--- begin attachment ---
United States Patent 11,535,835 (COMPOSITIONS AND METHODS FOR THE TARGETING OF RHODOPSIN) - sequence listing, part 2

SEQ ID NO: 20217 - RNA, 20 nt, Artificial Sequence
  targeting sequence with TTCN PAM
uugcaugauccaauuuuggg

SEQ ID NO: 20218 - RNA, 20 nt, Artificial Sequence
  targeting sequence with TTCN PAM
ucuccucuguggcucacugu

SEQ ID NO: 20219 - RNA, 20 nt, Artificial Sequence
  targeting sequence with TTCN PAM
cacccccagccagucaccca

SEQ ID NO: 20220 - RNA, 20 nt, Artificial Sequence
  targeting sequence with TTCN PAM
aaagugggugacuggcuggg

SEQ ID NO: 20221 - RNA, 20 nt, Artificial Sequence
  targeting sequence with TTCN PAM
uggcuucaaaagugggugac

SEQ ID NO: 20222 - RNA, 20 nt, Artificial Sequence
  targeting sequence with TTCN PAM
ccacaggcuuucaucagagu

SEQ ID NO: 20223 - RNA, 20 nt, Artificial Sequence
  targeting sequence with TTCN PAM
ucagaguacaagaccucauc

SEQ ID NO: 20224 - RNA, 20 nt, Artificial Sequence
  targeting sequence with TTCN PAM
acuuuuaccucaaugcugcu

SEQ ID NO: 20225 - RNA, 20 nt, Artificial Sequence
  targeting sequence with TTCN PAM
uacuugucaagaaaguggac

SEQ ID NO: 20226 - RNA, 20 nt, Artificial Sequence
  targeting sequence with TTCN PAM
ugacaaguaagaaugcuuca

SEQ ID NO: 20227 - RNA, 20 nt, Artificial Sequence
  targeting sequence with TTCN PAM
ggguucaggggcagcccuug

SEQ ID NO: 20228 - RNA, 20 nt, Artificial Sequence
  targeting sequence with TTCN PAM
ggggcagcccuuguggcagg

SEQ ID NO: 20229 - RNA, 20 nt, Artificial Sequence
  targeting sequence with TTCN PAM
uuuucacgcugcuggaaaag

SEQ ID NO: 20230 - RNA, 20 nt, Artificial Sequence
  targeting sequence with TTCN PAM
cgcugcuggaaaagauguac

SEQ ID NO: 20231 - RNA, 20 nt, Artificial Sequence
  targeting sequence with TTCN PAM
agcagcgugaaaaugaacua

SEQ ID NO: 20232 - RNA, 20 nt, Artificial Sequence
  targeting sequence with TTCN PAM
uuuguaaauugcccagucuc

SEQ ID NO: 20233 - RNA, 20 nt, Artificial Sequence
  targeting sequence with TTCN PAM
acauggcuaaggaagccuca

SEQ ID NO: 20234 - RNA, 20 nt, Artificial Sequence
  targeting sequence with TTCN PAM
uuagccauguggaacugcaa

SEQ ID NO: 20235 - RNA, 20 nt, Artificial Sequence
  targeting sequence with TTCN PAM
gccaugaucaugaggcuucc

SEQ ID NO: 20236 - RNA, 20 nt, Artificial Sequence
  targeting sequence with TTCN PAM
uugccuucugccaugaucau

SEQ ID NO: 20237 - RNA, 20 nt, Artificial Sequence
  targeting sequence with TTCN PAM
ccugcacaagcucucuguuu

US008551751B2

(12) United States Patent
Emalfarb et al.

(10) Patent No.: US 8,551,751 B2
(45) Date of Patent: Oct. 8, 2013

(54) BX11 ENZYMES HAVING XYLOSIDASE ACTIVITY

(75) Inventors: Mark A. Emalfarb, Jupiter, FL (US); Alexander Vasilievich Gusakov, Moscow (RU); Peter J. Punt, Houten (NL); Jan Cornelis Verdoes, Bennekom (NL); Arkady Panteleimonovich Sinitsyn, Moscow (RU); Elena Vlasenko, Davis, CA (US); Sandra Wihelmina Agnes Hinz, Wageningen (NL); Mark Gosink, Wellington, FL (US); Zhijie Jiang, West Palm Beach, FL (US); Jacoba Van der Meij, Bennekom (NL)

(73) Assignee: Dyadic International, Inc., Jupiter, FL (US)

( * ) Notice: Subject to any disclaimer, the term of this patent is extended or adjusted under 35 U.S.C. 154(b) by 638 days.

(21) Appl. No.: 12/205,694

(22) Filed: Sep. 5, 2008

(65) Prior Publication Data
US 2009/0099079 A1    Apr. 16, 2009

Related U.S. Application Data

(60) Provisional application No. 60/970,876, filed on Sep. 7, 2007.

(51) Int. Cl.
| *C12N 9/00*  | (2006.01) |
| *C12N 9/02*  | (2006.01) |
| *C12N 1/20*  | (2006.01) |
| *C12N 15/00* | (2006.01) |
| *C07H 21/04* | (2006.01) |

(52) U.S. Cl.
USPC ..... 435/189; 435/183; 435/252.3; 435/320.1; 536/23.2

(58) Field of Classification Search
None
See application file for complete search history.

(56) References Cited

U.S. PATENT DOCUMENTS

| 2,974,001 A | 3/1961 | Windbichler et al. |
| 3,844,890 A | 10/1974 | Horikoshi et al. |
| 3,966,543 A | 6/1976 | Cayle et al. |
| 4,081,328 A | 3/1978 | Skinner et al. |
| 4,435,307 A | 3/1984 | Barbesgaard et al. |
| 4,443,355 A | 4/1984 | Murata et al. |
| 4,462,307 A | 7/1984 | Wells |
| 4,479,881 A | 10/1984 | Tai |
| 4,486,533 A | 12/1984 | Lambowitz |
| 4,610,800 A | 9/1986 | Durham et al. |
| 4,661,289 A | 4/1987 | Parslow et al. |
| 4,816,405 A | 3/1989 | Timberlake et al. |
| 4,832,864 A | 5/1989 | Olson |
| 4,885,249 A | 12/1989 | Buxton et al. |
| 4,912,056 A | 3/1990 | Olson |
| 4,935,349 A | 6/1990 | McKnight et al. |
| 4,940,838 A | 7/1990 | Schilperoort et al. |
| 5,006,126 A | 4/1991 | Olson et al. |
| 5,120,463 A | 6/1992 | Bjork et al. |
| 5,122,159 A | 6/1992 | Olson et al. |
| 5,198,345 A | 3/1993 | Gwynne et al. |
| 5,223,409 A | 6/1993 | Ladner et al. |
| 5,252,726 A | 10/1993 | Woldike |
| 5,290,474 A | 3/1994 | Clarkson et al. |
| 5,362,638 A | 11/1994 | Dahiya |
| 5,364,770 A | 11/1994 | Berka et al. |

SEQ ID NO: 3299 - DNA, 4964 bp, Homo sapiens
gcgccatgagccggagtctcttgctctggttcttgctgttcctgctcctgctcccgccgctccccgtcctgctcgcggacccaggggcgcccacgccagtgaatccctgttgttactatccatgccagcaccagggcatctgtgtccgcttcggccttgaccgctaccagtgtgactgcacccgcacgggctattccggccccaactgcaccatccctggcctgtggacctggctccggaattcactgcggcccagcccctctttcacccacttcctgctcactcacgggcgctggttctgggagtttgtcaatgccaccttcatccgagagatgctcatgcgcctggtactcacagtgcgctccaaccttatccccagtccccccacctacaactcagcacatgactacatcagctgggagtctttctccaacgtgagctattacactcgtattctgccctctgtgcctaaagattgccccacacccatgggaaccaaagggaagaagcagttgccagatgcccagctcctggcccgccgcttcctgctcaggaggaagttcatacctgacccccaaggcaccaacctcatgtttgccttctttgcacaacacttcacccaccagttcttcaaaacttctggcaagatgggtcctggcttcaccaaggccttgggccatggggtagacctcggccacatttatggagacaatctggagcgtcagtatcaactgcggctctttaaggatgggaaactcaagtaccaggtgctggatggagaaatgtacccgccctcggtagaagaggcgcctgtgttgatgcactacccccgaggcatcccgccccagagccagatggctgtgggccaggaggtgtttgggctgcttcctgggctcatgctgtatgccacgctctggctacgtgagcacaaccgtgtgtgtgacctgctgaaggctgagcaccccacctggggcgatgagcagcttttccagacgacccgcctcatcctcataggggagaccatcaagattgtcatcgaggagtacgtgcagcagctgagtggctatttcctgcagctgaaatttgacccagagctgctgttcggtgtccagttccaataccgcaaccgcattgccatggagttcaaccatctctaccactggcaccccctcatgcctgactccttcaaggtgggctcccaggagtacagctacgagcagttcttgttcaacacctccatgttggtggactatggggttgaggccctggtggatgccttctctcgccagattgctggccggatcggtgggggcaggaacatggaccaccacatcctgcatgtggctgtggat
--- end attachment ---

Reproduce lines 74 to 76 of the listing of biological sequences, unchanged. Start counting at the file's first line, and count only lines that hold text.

(21) Appl. No.: 12/205,694

(22) Filed: Sep. 5, 2008

(65) Prior Publication Data